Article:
(To read this series from the beginning, please click here.)
When my brother and I were kids, horsing around in the back seat as my mother drove, it usually didn’t take long for “acting up” to become full scale war. When my mother couldn’t take it anymore, she would slide off her slip-on shoe and, still driving, she would reach her arm over the back seat, smacking whoever was in her reach.
One of us would always complain, “But he / she started it!” And my mother’s response was always the same:
“I don’t care who started it, you’re both gonna get it!”
I have pictured that scene often this past two weeks, as Israel and Hamas have combined forces to kill innocents and to create the bombed-out hell that will be “the new Gaza” when the fighting finally stops. Anymore it doesn’t matter who started it; they both need to stop.
Yes, there are serious issues that must be addressed, once and for all, or this fighting will continue to rear its head into eternity. But right now we are watching as almost 1,000 people are dead and whole communities have been turned to rubble. This is not a time for taking sides. It’s a time for getting out my mom’s shoe and making them both just stop.
Is killing someone else ever justified? Wiser people than I have argued this point since there have been humans to argue. Here is what I do know, though: Innocent people are dying and the place that remains for the survivors to live in will need serious rebuilding before it will be remotely recognizable as a community.
As you read the letter below from Nora Lester Murad from Dalia Association, I urge you to consider her letter with the Buddha’s words in mind: In this world, hate never yet dispelled hate. Only love dispels hate.
We all feel helpless. Yesterday there was a demonstration in Tel Aviv against the war. I wanted to go so badly to feel that I am doing something. My husband practically forbade me (he doesn’t do that, and I don’t “obey” – but that shows you how serious this is) because he said it wasn’t safe. We didn’t go. He doesn’t even want me to go to work in Ramallah, but I have to. I HAVE to keep working. We’re feeling that the international community isn’t doing enough, but it’s hard for us to know what to do. The whole thing is so irrational, so powerful, so unbelievable. How do we stop it?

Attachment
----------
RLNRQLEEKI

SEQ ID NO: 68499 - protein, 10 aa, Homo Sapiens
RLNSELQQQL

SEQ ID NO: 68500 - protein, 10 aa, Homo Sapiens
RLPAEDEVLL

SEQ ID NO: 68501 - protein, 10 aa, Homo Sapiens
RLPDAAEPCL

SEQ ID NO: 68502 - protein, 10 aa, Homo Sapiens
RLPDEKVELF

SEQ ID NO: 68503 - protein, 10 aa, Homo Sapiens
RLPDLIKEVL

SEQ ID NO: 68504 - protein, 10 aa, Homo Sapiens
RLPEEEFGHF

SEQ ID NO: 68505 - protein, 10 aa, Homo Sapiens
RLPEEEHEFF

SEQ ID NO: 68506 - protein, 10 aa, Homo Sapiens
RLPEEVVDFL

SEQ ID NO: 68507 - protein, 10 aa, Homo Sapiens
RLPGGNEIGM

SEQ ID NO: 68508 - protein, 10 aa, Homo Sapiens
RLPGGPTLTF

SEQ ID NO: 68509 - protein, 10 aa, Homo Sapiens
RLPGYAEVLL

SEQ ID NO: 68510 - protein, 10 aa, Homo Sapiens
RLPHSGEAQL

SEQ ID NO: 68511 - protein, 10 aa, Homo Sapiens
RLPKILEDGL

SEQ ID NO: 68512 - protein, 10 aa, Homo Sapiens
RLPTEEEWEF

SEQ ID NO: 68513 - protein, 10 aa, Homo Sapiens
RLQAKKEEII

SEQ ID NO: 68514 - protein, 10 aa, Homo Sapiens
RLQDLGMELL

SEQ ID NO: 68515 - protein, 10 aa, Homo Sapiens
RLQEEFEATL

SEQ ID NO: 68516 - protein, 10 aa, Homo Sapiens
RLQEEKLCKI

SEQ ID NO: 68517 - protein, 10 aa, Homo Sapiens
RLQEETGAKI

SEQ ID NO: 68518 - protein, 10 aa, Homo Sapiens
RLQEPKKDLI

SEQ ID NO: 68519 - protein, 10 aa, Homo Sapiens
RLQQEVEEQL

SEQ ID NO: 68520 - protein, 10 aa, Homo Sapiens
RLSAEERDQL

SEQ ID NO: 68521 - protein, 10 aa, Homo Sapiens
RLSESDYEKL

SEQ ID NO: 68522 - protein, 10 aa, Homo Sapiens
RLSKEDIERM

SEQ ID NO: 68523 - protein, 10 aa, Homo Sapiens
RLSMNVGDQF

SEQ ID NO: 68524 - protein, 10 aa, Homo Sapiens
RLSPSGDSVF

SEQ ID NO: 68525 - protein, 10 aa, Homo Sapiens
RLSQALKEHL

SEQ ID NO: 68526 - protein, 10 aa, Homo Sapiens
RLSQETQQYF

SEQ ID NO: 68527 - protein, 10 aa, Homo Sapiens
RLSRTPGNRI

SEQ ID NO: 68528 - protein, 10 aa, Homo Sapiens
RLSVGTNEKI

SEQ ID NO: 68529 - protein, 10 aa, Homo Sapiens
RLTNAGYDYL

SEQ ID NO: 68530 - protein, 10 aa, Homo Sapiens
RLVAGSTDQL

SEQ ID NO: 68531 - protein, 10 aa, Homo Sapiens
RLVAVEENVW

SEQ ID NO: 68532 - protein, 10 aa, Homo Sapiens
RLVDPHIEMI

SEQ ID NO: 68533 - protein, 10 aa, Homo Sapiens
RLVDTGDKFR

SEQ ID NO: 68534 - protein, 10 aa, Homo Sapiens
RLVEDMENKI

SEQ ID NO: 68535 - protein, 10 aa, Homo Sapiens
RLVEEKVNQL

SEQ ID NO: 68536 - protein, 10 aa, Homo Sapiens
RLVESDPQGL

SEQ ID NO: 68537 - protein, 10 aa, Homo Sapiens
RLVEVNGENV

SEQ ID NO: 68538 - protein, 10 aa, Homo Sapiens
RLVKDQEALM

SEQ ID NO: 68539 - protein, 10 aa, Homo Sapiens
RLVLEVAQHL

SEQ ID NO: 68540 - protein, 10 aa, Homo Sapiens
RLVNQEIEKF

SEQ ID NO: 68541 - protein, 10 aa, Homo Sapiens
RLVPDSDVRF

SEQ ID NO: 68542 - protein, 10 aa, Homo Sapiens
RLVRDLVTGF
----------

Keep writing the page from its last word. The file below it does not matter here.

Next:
As you know, my husband is the United Nations psychologist, so he spends all day calling his staff in Gaza, listening as they describe huddling in interior rooms, under blankets because the windows are all blown out, trying to comfort their kids. Yesterday we were watching an interview with a family on the news when bombs hit nearby. Watching their reaction made me cry. They instinctively grabbed their children and elders and ran to the right, and they ran to the left, and they looked all around and then collapsed back down clutching one another. No where to run. No where to be safe.
Nora’s observations are shared, painfully, by Ahmed Masoud, a Palestinian writer living in London, who sent this letter to the editor of The Guardian. (Many thanks to Kevin Harris at the blog “Neighbourhoods” for sharing the link to Ahmed’s letter.)
“I don’t care who started it, you’re both going to get it.” I know my mom is reading these words right now (yes, my 85 year old mom reads my blog!) and thinking that her swatting shoe is no match for this. We are all feeling that same helplessness. What can we do to stop the fighting, to start the rebuilding, to perhaps ensure this is the last time innocent people die in this relentless battle?